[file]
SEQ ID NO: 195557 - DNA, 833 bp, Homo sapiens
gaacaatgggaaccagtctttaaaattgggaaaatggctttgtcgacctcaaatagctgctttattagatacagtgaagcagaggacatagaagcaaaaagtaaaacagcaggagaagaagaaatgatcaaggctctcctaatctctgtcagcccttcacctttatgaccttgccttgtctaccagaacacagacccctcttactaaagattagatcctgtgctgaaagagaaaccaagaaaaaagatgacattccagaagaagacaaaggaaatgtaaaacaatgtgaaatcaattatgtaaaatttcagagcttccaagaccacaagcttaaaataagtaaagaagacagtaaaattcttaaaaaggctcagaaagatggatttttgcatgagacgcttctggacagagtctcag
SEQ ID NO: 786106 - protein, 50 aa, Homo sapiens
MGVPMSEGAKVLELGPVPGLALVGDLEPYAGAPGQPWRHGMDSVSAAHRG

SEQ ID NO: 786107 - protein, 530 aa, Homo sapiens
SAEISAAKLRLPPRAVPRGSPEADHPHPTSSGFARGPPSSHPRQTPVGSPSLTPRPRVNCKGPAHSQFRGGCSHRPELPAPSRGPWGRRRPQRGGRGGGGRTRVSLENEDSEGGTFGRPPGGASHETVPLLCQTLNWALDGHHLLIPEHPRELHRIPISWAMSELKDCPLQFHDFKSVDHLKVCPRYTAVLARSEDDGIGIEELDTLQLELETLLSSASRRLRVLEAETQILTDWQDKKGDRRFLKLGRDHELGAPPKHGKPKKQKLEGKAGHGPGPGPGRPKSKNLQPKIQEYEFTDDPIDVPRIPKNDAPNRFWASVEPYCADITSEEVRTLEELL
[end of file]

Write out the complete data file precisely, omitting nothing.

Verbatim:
SEQ ID NO: 195557 - DNA, 833 bp, Homo sapiens
gaacaatgggaaccagtctttaaaattgggaaaatggctttgtcgacctcaaatagctgctttattagatacagtgaagcagaggacatagaagcaaaaagtaaaacagcaggagaagaagaaatgatcaaggctctcctaatctctgtcagcccttcacctttatgaccttgccttgtctaccagaacacagacccctcttactaaagattagatcctgtgctgaaagagaaaccaagaaaaaagatgacattccagaagaagacaaaggaaatgtaaaacaatgtgaaatcaattatgtaaaatttcagagcttccaagaccacaagcttaaaataagtaaagaagacagtaaaattcttaaaaaggctcagaaagatggatttttgcatgagacgcttctggacagagtctcag
SEQ ID NO: 786106 - protein, 50 aa, Homo sapiens
MGVPMSEGAKVLELGPVPGLALVGDLEPYAGAPGQPWRHGMDSVSAAHRG

SEQ ID NO: 786107 - protein, 530 aa, Homo sapiens
SAEISAAKLRLPPRAVPRGSPEADHPHPTSSGFARGPPSSHPRQTPVGSPSLTPRPRVNCKGPAHSQFRGGCSHRPELPAPSRGPWGRRRPQRGGRGGGGRTRVSLENEDSEGGTFGRPPGGASHETVPLLCQTLNWALDGHHLLIPEHPRELHRIPISWAMSELKDCPLQFHDFKSVDHLKVCPRYTAVLARSEDDGIGIEELDTLQLELETLLSSASRRLRVLEAETQILTDWQDKKGDRRFLKLGRDHELGAPPKHGKPKKQKLEGKAGHGPGPGPGRPKSKNLQPKIQEYEFTDDPIDVPRIPKNDAPNRFWASVEPYCADITSEEVRTLEELL